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Planets Going Backwards

23 Apr 2010, 19:22 UTC
Planets Going Backwards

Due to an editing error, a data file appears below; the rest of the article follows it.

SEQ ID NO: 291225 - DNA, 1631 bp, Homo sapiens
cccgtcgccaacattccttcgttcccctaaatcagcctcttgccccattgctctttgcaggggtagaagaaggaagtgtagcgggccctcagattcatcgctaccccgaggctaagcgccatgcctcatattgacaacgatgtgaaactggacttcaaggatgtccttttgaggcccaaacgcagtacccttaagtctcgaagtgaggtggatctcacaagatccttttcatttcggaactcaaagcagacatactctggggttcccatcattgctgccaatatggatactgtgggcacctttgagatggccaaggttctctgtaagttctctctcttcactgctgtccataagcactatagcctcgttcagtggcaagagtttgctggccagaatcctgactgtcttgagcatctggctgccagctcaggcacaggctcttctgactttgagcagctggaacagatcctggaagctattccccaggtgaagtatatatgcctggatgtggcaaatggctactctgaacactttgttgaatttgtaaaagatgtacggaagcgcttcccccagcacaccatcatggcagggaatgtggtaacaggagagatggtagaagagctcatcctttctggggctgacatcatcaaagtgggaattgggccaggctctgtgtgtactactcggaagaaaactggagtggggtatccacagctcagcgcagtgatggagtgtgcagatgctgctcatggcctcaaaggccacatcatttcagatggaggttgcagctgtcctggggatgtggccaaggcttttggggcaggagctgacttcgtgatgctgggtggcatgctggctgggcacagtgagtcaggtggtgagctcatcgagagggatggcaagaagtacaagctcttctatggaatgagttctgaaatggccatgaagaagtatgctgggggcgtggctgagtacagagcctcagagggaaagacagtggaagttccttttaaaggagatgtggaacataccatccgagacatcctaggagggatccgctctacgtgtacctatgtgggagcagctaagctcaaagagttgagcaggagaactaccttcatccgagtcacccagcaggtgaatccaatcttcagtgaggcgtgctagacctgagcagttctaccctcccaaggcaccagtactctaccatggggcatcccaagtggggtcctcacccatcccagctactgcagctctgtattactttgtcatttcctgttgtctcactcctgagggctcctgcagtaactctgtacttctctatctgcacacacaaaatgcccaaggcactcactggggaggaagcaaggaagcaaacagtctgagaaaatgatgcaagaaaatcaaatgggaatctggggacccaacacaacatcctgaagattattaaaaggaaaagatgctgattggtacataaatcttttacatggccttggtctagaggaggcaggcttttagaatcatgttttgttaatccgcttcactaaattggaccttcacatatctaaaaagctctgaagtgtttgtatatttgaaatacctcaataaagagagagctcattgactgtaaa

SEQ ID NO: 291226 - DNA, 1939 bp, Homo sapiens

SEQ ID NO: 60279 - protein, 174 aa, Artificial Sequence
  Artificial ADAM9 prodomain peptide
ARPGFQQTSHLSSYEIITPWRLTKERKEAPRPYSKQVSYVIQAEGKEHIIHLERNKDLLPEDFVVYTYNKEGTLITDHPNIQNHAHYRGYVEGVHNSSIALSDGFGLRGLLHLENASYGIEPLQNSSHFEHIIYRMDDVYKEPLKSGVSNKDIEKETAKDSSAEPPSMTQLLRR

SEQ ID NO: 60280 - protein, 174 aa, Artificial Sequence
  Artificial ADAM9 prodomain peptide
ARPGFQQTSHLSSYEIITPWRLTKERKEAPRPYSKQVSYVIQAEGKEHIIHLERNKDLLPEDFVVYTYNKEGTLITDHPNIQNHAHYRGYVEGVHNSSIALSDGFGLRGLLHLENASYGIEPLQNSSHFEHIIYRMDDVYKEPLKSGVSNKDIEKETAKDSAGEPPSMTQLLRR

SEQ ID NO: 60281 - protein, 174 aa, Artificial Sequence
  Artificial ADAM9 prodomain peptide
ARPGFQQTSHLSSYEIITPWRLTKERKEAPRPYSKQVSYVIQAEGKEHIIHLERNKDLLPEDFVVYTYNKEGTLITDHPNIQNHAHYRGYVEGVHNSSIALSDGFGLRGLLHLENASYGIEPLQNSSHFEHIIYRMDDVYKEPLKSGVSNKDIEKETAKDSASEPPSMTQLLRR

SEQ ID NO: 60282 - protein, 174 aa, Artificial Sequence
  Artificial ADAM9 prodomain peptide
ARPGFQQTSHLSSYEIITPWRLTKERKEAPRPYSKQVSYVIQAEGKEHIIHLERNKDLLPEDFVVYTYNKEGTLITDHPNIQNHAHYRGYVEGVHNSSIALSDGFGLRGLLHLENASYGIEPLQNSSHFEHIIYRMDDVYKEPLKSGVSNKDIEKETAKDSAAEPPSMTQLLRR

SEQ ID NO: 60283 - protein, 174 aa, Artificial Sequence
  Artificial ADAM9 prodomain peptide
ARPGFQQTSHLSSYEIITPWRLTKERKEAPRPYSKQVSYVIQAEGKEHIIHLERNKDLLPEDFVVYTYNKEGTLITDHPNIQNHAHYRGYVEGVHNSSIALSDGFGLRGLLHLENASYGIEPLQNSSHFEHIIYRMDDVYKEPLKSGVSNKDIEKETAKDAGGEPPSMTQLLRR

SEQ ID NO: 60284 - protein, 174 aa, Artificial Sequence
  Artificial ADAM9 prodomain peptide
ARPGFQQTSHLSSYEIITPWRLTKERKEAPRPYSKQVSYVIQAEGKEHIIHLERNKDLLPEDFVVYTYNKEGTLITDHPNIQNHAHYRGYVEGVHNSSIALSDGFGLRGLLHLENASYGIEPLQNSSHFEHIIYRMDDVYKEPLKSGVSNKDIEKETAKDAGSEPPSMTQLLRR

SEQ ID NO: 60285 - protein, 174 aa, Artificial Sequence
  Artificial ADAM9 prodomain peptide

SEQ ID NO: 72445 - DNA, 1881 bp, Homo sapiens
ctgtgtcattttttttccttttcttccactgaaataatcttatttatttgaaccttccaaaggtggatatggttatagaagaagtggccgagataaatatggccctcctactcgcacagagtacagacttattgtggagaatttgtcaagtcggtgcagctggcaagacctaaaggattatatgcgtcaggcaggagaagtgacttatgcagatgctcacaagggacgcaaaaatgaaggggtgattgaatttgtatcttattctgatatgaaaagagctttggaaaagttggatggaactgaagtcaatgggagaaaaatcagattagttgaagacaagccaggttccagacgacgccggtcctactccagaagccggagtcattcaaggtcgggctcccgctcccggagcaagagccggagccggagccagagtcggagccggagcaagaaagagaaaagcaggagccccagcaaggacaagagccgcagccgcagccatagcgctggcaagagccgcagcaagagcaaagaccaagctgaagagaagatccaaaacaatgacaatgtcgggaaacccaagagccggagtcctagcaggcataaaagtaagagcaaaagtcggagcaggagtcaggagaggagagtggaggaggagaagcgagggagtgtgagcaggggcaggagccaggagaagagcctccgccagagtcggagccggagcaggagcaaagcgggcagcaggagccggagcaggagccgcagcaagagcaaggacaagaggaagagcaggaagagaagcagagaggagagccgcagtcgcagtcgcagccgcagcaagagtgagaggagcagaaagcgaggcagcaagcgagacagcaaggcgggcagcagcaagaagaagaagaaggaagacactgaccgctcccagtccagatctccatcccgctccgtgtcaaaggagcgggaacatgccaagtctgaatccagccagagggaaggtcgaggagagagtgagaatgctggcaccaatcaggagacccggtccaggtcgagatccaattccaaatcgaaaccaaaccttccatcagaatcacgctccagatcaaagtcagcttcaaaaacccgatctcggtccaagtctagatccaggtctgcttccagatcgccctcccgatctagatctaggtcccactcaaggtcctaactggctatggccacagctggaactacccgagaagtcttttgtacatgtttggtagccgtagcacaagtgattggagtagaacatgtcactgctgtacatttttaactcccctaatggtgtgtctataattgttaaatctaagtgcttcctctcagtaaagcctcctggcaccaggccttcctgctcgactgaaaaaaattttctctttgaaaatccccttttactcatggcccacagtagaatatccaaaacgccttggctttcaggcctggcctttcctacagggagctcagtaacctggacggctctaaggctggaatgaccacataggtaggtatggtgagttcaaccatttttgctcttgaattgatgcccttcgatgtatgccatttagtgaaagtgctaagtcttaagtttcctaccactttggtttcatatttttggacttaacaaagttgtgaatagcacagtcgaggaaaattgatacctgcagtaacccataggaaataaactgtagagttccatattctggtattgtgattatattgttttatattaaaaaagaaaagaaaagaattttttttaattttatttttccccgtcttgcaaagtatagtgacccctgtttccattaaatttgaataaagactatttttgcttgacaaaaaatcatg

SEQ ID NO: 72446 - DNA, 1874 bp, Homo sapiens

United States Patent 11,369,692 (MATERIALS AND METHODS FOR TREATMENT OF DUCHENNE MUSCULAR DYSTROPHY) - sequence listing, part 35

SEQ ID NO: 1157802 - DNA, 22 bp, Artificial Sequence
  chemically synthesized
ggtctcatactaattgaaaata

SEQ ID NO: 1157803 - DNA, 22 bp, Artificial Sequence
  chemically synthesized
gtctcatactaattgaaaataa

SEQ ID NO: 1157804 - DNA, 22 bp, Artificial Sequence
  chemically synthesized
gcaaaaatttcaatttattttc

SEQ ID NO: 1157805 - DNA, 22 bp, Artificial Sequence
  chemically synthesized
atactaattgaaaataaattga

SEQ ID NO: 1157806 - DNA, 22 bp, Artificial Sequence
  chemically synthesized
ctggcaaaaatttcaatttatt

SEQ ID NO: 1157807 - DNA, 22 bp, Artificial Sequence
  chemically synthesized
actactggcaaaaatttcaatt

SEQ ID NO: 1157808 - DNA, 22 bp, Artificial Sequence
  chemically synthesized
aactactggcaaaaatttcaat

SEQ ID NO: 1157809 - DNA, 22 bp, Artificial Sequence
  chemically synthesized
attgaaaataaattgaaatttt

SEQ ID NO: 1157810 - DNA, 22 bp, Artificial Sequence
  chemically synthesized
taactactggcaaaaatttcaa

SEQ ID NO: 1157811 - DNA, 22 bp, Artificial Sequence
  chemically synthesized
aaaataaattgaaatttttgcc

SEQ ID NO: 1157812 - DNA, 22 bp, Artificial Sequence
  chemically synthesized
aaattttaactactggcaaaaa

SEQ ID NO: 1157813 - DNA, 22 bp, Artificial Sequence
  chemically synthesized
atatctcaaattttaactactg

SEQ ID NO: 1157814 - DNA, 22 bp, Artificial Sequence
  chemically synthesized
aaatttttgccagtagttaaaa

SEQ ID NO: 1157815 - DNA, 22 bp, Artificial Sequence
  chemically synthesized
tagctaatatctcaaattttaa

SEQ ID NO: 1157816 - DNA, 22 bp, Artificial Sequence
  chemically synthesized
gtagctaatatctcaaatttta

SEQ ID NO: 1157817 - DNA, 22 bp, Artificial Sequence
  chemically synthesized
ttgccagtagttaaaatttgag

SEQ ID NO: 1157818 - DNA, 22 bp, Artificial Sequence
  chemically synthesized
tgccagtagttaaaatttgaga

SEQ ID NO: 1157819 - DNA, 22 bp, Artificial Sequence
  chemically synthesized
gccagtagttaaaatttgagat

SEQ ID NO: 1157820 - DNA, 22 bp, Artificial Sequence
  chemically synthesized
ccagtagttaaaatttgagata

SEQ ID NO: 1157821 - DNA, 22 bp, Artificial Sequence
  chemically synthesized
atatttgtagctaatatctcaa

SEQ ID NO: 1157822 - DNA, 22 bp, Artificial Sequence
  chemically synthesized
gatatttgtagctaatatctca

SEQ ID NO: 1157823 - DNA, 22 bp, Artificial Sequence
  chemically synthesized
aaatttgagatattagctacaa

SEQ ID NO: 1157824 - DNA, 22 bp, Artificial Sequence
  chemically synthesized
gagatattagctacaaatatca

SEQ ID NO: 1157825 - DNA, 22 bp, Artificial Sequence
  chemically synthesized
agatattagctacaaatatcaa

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Tranisiting exoplanets are found by the light curve they create when passing in front of their parent star. Many of these planets are "hot Jupiters" orbiting very close to stars. Discovery of nine new transiting exoplanets was announced this week. When these results were combined with earlier discoveries, it was found that 6 of 27 exoplanets were orbiting in the opposite direction from the star's rotation. This challenges theories of stellar formation. Since Pierre Laplace, scientists have thought that solar systems condense from rotating disks of gas. As a result, the planets should orbit the same direction as the star rotates, as in our solar system. Unfortunately nature does not follow the theory. The very existence of "hot Jupiters" challenges the old theory. Orbiting so close to their parent star, these planets should boil away. The theory can not explain how planetary embryos can form from dust. If particles collide at orbital velocity they will ricochet rather than stick together. If these planets formed around Black Holes, they would follow the Black Hole's rotation independently of the parent star. The Black Hole would not suck these planets up, but would stabilize their centres. As a result Jupiter-size planets could exist ...

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